DIR/WRI:Kristina Grozeva, Petar Valchanov • PRO: Konstantina Stavrianou, Petar Valchanov, Irini Vougioukalou • DOP: Krum Rodriguez • ED: Petar Valchanov • DES: Vanina Geleva • CAST: Margita Gosheva, Ivan Barnev, Ivan Savov, Stefan Denolyubov, Ivanka Bratoeva
The unforgiving reality of debt repayments and the overwhelming pressures that financial providers place on the individual is the theme of this Bulgarian drama by director Kristina Grozeva. Nade is a middle-aged school teacher, highly educated and struggling thanks to her husband’s uselessness with money. Instead of paying back the repayments on their family home, Nade’s husband has been buying parts for his broken and irreparable camper van with the hope of one day making the value of the van back with its prospective sale. Needless to say the scheme fails and when Nade returns home from school one day she encounters the bailiff’s attempting to repossess the home. With three days left before the bank put up the house for mortgage, it is up to Nade to come up with the desperately needed cash.
The film opens with Nada standing in front of her class, questioning the room as to the whereabouts of a student’s stolen purse. In retribution for the refusal of the culprit to come forward, Nada makes the class as a whole cover the cost of the student’s lunch. Such a brief allegory on the collective socialisation of private debt brings a more universal concern to the private life of Nada and the film in general. Nada is performed tellingly by Margita Grazeva, a role that engrosses the audience by the subtleties of her dramatic performance, always constrained and real, of a woman under threat yet unwilling to let the family around her or her society understand the strain she is under.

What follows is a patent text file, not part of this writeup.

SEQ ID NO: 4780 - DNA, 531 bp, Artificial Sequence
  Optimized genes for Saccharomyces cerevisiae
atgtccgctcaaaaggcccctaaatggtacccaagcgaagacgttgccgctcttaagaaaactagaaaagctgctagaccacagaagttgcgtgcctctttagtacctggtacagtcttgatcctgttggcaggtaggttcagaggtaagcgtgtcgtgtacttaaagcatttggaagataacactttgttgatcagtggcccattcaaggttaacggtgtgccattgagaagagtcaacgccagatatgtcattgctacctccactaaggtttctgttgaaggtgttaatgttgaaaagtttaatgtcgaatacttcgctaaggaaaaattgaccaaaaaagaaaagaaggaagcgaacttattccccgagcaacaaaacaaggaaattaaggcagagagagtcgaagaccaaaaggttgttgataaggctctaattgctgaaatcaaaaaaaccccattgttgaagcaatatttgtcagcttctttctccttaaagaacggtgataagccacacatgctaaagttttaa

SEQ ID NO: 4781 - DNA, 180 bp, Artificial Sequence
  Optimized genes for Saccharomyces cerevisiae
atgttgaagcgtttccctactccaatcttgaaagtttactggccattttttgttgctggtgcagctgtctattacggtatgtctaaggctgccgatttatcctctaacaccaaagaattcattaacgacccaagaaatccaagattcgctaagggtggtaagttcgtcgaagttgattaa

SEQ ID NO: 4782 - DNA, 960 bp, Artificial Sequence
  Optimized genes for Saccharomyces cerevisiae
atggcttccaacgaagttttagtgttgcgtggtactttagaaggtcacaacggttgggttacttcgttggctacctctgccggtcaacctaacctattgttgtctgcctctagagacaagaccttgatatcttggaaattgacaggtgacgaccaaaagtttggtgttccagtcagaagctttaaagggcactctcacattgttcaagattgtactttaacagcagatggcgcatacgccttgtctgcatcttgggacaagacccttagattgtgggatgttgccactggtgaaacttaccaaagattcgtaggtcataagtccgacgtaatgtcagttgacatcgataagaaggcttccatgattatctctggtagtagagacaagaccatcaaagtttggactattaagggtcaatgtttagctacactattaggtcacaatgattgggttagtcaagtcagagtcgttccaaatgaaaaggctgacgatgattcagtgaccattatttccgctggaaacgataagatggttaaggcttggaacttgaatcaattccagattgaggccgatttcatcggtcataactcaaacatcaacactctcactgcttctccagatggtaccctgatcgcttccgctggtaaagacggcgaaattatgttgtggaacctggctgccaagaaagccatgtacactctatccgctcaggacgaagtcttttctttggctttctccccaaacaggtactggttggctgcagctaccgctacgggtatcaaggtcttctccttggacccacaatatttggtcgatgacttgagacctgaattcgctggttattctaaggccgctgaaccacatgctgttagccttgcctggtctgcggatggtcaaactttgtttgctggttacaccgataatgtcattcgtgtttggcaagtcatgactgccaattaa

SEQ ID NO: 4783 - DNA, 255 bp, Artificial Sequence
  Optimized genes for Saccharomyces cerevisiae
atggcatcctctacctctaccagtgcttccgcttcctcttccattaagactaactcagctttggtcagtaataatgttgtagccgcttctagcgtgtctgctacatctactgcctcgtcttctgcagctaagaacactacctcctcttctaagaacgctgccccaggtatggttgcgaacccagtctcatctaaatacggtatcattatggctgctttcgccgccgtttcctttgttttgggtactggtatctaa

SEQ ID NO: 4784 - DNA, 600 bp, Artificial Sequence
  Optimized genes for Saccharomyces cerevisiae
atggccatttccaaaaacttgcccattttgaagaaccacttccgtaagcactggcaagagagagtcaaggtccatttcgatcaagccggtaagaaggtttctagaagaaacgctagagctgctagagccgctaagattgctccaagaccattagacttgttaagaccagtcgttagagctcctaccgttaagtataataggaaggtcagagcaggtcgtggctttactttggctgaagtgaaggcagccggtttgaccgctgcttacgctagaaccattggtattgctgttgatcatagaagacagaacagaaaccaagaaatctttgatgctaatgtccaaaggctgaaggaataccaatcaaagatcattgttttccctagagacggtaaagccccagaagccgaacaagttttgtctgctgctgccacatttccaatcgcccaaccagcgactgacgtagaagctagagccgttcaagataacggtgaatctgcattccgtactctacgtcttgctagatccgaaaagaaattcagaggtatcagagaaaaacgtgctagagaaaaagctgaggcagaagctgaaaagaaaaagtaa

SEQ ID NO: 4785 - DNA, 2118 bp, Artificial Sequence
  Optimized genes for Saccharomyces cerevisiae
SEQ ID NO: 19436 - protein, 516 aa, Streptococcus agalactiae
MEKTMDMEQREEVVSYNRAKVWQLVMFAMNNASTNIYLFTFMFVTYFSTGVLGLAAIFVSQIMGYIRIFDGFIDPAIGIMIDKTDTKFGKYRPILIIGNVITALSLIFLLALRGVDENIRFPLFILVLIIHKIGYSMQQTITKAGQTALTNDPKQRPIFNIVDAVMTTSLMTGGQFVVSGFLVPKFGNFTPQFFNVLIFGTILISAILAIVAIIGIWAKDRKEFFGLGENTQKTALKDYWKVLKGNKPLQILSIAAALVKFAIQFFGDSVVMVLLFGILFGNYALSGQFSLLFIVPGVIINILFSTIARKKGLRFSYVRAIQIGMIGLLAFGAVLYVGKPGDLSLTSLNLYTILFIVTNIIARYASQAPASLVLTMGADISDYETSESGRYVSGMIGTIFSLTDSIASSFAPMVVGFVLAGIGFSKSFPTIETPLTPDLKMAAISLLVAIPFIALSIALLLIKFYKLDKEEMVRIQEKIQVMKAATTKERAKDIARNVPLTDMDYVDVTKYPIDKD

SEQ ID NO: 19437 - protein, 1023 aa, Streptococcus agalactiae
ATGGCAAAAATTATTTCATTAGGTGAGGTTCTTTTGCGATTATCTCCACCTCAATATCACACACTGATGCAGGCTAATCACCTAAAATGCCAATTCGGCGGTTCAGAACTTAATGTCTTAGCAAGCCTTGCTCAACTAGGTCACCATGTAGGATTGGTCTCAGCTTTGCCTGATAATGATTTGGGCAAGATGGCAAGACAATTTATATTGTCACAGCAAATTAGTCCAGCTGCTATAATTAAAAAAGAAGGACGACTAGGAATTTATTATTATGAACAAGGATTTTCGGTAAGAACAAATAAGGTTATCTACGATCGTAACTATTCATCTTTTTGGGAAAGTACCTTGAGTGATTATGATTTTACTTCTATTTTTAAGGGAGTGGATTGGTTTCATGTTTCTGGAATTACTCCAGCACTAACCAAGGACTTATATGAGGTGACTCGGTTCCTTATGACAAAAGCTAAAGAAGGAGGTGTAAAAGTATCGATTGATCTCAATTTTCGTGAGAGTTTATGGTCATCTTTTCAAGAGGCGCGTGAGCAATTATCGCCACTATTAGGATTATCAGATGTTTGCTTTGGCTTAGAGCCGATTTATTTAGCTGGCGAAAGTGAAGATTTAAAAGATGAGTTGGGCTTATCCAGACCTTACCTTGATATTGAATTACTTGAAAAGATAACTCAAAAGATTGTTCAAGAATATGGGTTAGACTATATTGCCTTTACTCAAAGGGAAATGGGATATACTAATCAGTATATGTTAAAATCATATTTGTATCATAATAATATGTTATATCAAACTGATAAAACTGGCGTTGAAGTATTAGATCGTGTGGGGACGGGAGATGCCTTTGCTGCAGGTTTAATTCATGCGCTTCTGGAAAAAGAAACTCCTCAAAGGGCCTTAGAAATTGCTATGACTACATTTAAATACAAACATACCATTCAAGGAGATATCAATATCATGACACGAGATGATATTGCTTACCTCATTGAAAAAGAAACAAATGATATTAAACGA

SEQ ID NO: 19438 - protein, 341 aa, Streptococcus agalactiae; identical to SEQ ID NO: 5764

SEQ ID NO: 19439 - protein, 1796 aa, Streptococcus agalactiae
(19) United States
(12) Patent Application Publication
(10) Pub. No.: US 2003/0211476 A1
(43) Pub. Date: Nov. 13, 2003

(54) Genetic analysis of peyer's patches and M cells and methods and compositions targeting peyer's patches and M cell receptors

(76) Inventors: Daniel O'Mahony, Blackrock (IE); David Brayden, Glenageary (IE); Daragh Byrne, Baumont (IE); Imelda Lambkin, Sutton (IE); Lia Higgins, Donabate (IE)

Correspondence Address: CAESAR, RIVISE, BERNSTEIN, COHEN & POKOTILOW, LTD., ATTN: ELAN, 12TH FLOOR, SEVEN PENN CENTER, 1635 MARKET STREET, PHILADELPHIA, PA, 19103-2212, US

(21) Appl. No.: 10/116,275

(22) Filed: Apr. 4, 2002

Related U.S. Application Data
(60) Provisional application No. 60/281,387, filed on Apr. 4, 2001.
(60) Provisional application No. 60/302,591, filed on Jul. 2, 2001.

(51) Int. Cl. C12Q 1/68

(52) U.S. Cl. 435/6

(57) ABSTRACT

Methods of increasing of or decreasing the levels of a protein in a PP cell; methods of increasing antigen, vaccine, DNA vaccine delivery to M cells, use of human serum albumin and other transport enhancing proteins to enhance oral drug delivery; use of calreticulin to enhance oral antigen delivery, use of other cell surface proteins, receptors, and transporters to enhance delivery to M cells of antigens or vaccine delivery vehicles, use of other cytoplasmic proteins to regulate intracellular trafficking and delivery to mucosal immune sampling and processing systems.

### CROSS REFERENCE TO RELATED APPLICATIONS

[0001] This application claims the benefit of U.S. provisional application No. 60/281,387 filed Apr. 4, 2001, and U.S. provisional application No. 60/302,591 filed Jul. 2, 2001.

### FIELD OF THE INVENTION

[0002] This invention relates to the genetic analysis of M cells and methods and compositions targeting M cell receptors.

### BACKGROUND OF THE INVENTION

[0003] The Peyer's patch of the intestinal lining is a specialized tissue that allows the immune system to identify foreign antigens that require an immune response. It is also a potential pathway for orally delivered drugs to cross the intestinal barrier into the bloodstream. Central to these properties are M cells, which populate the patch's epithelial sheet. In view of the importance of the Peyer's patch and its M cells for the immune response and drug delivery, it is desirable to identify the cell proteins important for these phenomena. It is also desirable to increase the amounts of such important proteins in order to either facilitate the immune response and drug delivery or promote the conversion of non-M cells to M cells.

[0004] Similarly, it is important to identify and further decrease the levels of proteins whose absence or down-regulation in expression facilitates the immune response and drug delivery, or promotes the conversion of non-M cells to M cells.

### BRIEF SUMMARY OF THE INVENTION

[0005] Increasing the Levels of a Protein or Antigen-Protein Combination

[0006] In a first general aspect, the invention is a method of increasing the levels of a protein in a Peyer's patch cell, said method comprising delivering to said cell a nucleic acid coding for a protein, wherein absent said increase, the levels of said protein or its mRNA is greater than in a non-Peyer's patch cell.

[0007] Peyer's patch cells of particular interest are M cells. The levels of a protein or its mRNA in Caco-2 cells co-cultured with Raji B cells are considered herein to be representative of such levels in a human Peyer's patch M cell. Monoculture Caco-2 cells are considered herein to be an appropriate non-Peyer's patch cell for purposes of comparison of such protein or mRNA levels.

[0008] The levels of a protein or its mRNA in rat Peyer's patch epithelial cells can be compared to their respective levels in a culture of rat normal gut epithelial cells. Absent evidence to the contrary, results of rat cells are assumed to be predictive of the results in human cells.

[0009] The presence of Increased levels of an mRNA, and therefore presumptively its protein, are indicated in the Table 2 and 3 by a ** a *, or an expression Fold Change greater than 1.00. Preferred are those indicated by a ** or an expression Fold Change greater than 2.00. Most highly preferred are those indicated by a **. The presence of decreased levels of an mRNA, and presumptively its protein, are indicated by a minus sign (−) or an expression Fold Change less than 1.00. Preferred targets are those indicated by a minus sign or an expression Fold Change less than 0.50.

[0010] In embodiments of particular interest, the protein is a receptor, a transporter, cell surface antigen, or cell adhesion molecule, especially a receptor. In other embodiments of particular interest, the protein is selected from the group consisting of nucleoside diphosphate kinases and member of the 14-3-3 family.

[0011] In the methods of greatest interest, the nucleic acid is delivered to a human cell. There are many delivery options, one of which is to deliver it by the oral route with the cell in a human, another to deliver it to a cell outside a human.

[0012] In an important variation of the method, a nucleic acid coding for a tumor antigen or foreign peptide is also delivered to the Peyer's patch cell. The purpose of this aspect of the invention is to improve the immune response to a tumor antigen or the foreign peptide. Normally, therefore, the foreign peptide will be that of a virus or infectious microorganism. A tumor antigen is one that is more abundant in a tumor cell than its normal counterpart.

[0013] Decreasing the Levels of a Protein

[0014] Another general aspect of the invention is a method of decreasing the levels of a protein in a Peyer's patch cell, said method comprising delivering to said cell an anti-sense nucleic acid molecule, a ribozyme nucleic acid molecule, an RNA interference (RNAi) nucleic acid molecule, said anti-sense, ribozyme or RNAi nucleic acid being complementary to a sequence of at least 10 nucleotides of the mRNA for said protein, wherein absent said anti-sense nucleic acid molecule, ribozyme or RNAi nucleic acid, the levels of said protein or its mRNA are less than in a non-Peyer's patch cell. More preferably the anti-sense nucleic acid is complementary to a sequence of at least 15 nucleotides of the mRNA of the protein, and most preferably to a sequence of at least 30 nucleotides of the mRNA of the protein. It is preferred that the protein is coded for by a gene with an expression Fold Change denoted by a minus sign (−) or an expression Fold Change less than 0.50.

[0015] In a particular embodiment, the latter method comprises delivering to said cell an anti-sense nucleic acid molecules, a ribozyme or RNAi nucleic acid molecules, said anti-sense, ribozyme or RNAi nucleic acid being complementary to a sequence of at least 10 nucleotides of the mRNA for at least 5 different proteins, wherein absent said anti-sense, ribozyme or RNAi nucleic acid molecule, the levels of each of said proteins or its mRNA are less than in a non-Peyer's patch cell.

Within this middle class pride, of retaining face and Nada’s refusal to expose to anyone that can help her how close she is to desperate circumstances, show a woman of unflinching independence, of taking charge of her family’s fortunes. At times, the numerous and unending unfortunate occurrences, from the token flat tire on the mad rush to the bank before closing time to the stolen money when it is needed most pivotally, could make a lesser film falter. Yet in this case perfectly highlights the numerous tragedies that the desperate daily encounter, when every obstacle becomes a Sisyphean task of survival.
Margita Grazeva’s performance is riveting and allows what could be a weak plot to be overcome as we are drawn further into a psychological exploration of desperation and social façades. Our empathy at times for Nada makes The Lesson a tough watch because of its constant implications and presence of being plunged fully and wholly into desperation. Especially with the introduction of the moneylenders and their seedy representation of money as a control over the autonomy of one’s body and the constant threat they represent.
The director, Kristina Groseva, has created a film of brilliant emotional resonance, the realism of her profile of the teacher uncompromising in its promotion of the individual and their right to dignity, even when surrounded by the callousness of bureaucratic institutions and financial lenders that offer nothing of the like. The lack of addition to the film of any soundtrack serves wisely in removing any emotional distances between the audience and the protagonist.
By the film’s end, the plot comes full circle as once again we are brought back into Nade’s classroom and the lesson of theft is brought back into focus. Nada’s response to the perpetrator bundles up the central morale of the story. This film is indeed a lesson and a timely portrait to the daily desperation that exists in the west as the values of the community and the individual within these communities come into stark contrast with the valueless ideologies of finance.
The Lesson is released 4th December 2015